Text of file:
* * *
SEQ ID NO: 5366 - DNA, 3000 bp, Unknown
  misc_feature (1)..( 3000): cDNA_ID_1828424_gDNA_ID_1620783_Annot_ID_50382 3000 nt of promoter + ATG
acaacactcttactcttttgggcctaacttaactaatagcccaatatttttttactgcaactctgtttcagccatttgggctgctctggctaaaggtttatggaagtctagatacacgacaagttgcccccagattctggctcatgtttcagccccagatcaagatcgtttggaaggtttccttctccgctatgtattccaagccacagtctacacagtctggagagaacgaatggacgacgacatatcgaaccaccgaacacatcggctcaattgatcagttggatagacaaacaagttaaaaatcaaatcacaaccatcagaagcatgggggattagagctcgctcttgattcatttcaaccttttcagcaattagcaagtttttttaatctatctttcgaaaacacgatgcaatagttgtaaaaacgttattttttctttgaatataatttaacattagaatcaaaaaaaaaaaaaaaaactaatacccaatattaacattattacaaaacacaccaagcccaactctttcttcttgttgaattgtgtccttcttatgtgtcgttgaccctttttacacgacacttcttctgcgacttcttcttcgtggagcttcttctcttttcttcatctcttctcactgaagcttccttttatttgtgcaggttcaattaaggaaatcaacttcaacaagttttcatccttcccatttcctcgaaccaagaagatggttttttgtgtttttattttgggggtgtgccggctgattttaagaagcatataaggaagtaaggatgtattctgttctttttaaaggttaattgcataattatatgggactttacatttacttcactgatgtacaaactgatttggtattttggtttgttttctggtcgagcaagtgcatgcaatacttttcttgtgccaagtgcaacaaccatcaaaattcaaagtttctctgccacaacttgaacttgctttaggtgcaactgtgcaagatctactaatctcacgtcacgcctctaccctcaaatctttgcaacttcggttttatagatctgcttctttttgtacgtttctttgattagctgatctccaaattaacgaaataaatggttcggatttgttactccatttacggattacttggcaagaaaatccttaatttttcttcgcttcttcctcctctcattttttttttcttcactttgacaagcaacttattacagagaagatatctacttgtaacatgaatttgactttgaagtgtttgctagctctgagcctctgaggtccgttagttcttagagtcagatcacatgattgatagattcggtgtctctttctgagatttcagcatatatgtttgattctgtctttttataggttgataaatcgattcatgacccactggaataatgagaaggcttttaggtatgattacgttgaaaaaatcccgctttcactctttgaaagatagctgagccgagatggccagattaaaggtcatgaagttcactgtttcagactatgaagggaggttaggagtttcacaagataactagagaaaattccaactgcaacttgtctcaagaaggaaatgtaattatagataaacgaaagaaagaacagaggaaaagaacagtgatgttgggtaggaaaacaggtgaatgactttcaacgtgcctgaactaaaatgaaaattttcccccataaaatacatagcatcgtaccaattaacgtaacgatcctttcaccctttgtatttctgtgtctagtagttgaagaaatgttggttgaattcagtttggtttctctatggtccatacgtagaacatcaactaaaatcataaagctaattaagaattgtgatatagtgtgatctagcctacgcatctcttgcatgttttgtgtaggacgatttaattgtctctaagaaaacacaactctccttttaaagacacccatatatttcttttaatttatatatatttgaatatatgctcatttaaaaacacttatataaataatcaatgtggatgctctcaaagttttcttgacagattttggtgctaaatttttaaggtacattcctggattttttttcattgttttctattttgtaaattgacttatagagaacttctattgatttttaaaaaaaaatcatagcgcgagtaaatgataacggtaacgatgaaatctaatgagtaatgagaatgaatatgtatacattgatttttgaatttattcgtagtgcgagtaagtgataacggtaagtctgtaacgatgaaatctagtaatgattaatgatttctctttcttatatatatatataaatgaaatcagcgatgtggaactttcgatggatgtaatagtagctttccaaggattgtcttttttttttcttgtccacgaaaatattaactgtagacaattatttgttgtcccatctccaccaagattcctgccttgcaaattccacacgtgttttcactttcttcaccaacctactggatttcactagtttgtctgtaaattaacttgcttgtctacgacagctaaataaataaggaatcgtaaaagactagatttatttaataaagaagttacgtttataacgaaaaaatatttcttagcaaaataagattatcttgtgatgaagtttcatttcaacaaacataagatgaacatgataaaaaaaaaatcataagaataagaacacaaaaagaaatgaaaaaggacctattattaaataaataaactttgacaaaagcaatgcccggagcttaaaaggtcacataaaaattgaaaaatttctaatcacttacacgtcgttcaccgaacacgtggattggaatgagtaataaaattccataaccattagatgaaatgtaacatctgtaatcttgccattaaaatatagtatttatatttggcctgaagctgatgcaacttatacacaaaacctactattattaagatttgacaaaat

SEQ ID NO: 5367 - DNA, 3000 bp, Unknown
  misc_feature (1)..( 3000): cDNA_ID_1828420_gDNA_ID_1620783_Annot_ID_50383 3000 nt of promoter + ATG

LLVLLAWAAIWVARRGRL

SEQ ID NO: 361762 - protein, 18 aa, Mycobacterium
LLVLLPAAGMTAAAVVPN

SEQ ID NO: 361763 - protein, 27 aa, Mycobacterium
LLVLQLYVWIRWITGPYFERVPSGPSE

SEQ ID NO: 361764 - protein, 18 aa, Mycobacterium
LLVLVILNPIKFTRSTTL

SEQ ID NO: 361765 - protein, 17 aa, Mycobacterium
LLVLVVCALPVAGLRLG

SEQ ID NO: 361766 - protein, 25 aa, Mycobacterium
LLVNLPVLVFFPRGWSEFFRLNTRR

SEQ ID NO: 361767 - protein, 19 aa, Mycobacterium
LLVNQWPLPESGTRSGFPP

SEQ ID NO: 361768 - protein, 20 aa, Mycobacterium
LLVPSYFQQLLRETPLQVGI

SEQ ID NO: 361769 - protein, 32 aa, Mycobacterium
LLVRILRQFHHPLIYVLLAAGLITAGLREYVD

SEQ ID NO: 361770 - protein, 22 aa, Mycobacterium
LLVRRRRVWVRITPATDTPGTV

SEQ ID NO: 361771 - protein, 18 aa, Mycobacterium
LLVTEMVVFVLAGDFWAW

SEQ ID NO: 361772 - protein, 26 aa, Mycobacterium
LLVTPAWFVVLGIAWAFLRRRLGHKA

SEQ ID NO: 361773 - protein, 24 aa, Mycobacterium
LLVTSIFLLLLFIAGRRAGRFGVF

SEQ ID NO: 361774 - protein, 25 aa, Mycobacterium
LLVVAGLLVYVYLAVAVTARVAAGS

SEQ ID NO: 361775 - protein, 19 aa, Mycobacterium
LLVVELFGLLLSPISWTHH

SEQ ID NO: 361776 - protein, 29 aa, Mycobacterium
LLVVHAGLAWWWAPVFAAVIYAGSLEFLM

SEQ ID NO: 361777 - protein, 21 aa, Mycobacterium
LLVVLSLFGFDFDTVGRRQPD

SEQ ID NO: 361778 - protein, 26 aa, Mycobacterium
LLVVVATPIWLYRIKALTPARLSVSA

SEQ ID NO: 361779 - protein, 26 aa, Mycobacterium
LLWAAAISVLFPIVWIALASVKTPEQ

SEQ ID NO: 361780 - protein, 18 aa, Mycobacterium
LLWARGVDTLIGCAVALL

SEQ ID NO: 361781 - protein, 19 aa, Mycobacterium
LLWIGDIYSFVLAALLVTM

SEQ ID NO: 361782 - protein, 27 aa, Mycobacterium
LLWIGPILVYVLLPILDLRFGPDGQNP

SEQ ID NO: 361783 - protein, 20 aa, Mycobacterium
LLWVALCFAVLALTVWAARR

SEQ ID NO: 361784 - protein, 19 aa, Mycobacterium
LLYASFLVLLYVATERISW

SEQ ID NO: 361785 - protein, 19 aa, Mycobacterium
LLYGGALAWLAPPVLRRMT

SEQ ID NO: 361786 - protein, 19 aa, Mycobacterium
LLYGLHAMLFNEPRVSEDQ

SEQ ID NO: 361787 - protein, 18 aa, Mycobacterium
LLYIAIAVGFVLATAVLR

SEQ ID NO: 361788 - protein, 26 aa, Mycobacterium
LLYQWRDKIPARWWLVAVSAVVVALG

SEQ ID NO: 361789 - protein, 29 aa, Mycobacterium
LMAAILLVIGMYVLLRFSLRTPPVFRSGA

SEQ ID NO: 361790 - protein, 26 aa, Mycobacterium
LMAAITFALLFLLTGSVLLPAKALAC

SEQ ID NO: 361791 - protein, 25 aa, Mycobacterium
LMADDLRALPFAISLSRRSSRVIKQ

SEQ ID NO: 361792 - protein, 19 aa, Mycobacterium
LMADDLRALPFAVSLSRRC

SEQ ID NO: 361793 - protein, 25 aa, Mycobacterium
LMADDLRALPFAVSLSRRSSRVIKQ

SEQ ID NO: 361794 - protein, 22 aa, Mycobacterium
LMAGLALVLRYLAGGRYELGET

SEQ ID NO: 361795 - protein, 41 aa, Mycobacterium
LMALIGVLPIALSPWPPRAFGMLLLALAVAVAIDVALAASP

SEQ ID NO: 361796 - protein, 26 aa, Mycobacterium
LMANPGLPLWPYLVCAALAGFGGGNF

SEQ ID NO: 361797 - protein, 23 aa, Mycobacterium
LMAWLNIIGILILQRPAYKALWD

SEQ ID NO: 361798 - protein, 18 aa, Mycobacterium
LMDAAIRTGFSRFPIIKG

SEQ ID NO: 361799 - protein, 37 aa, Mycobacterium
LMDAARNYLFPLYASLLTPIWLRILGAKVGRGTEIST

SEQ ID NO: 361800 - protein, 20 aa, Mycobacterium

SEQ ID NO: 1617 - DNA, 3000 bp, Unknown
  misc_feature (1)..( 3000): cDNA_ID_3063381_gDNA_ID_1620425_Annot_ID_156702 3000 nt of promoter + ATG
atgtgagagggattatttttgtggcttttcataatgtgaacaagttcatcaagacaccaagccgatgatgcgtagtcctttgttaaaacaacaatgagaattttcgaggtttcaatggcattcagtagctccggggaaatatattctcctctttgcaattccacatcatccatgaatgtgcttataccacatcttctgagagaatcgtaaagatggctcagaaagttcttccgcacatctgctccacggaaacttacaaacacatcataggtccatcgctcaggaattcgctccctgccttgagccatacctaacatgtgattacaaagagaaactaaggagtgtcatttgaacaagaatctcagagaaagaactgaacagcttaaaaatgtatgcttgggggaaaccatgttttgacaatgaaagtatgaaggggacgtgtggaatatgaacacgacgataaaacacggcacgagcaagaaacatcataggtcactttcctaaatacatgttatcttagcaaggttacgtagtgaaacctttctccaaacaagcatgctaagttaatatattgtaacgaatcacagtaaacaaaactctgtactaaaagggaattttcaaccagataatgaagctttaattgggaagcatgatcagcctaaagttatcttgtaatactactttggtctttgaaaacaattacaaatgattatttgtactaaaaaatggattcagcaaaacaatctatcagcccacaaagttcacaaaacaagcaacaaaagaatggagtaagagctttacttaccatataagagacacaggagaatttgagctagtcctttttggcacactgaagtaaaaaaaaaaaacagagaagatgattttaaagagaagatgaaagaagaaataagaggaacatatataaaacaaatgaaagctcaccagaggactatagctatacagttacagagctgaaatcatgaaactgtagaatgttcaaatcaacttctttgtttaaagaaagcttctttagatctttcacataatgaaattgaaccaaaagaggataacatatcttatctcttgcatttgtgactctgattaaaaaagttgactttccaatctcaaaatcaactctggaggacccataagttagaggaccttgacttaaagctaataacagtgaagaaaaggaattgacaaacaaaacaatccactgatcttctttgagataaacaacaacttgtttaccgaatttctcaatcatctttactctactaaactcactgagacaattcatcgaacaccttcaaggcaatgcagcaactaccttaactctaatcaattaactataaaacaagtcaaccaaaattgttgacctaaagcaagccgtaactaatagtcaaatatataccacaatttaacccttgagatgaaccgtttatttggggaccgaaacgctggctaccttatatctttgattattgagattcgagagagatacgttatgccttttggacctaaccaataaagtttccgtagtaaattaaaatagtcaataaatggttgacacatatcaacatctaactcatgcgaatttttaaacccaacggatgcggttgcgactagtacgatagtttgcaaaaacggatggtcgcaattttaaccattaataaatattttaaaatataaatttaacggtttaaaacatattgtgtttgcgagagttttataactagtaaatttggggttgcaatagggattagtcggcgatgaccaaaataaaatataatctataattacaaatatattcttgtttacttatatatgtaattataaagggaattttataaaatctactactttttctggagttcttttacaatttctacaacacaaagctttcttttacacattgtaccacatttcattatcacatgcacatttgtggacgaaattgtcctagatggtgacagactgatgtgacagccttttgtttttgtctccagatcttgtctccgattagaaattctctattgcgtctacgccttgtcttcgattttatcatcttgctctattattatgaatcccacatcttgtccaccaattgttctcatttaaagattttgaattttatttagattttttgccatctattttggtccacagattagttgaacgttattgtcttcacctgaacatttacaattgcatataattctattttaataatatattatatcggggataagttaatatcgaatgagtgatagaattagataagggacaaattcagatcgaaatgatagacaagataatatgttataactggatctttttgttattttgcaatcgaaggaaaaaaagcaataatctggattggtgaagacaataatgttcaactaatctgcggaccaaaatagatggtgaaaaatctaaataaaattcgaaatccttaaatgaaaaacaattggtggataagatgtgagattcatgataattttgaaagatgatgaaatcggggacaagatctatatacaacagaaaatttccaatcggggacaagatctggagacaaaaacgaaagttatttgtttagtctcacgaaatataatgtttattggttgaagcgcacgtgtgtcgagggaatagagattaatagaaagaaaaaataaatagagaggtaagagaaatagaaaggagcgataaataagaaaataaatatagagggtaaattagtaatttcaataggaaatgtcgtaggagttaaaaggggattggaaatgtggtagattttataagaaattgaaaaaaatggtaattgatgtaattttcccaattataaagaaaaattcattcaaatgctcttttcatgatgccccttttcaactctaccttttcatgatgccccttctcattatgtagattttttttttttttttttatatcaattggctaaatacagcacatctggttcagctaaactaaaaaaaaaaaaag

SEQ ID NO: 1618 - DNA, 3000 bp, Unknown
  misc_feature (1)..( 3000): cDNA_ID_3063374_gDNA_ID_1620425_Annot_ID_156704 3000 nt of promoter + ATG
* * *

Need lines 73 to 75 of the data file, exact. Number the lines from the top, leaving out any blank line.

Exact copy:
SEQ ID NO: 361795 - protein, 41 aa, Mycobacterium
LMALIGVLPIALSPWPPRAFGMLLLALAVAVAIDVALAASP

SEQ ID NO: 361796 - protein, 26 aa, Mycobacterium